- Verbal cues and space. Verbal cues will be offered throughout the session to help guide you in the experience, and there is also space to just breathe with the music and observe what arises. We find that too many words can activate the thinking mind, so we leave space to help you explore new pathways of insight and embodied intelligence.
- A private space. While Breathwork in large groups can be overwhelming for some people — at Sanctuary you are in the safety, comfort, and privacy of your own private studio. You can explore Breathwork and allow for your authentic experience and expression.
The Breathwork practice is done reclined, typically with eyes closed. You can open them anytime to orient to the space and take in the immersive visuals, as desired. Most sessions are around 40-45-minute of active Breathwork with time to rest and integrate your experience.
Each Breathwork journey will be unique, and your experience can range vastly from session-to-session. However, there are some common experiences that can arise in this modality:
Physical experiences with conscious connected breathing
In consciously increasing the depth and rate of respiration, there is a temporary up-regulation of the nervous system to support the release of accumulated stress in the body which are energies of the fight/flight/freeze response. Oxygen and carbon dioxide levels also temporarily shift, and the circulation of prana in the body is increased. It’s common to experience a feeling of “buzzing” as a result, as well as energy that can be released in the forms of yawning, changes in body temperature, or some shifting sensations in the body.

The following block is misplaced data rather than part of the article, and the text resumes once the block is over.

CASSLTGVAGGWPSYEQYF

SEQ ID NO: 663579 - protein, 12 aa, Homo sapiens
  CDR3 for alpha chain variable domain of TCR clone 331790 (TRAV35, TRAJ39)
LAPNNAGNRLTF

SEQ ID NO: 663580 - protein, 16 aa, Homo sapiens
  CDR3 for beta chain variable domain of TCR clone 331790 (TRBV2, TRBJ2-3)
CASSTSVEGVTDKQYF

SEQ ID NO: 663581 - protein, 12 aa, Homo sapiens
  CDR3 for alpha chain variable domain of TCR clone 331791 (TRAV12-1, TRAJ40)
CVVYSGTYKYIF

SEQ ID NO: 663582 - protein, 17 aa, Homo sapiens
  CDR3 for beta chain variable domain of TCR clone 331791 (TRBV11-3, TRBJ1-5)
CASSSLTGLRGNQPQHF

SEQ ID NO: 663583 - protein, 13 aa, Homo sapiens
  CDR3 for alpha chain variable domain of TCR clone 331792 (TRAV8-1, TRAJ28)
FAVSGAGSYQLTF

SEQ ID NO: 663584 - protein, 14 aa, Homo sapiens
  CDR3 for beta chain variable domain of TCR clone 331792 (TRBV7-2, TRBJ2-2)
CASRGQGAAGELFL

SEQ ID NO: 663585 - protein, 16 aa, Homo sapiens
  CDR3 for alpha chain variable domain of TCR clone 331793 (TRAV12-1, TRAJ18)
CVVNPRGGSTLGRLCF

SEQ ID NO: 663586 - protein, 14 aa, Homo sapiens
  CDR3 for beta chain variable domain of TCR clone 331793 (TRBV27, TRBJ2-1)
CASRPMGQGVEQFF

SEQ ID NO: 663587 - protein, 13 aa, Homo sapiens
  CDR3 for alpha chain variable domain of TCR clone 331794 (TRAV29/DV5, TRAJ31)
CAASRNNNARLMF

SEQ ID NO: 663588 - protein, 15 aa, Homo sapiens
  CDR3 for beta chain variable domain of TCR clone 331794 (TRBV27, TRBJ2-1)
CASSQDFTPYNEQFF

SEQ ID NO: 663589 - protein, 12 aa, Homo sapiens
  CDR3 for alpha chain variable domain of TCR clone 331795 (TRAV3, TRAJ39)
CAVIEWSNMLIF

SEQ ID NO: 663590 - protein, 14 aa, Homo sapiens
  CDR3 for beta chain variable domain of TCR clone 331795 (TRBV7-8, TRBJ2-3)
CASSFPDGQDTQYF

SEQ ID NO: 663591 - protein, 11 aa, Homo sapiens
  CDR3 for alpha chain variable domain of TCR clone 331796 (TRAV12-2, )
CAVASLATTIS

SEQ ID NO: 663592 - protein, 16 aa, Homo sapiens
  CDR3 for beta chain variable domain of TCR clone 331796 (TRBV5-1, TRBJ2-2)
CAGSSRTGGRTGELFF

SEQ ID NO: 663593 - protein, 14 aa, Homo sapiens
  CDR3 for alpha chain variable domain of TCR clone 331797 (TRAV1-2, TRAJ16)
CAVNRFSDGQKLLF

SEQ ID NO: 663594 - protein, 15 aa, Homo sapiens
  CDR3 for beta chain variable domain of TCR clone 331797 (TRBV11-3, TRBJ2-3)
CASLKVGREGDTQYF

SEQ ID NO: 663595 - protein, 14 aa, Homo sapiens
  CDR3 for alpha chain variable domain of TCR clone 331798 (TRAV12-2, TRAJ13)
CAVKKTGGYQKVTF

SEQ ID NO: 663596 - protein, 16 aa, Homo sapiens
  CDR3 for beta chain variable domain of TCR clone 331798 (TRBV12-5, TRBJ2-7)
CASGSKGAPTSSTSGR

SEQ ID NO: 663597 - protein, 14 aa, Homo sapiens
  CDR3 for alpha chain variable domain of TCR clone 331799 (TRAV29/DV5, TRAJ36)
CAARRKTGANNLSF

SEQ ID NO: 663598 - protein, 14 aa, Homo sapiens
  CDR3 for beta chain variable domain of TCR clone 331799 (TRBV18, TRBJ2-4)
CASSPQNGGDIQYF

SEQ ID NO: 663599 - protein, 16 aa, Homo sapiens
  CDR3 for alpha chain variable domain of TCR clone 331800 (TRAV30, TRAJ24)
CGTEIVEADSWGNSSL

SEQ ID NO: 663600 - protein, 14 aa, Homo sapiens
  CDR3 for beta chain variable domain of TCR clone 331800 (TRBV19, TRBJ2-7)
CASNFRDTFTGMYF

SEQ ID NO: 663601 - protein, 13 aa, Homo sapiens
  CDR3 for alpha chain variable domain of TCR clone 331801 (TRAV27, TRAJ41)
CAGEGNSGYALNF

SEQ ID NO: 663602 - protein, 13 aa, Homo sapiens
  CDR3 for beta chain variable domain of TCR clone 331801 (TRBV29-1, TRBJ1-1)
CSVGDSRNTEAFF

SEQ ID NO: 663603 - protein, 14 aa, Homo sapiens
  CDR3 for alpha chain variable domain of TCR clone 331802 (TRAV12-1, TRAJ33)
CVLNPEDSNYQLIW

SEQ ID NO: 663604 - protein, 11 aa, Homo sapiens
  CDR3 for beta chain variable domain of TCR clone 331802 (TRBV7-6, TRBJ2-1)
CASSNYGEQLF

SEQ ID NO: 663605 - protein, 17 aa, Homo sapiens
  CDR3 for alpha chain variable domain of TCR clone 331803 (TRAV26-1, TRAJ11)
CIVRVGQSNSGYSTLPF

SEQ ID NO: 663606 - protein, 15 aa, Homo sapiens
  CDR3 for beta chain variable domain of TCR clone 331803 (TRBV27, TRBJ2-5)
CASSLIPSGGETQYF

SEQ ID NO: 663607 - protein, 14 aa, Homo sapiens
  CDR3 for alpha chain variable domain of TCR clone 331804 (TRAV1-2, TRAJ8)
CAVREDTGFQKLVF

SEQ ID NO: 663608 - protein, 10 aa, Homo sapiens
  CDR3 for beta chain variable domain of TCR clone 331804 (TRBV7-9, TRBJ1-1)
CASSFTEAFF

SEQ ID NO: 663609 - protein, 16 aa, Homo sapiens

Emotional experience with conscious connected breathing
Most people experience chronic suppression of emotions. Additionally, at an early age most people developed strategies to manage overwhelming experiences. Emotional energy is often exiled in the body and psyche, and conscious deep breathing can often bring it to the surface for healing and integration — think of it like a release valve. It’s common to tap into grief, joy, love, sadness, anger, and even fear. Within a safe container and consciously engaged practice for healing and harmony, we can allow these energies to move through the system. In doing so, we can feel more at peace, with less internal discord and tension.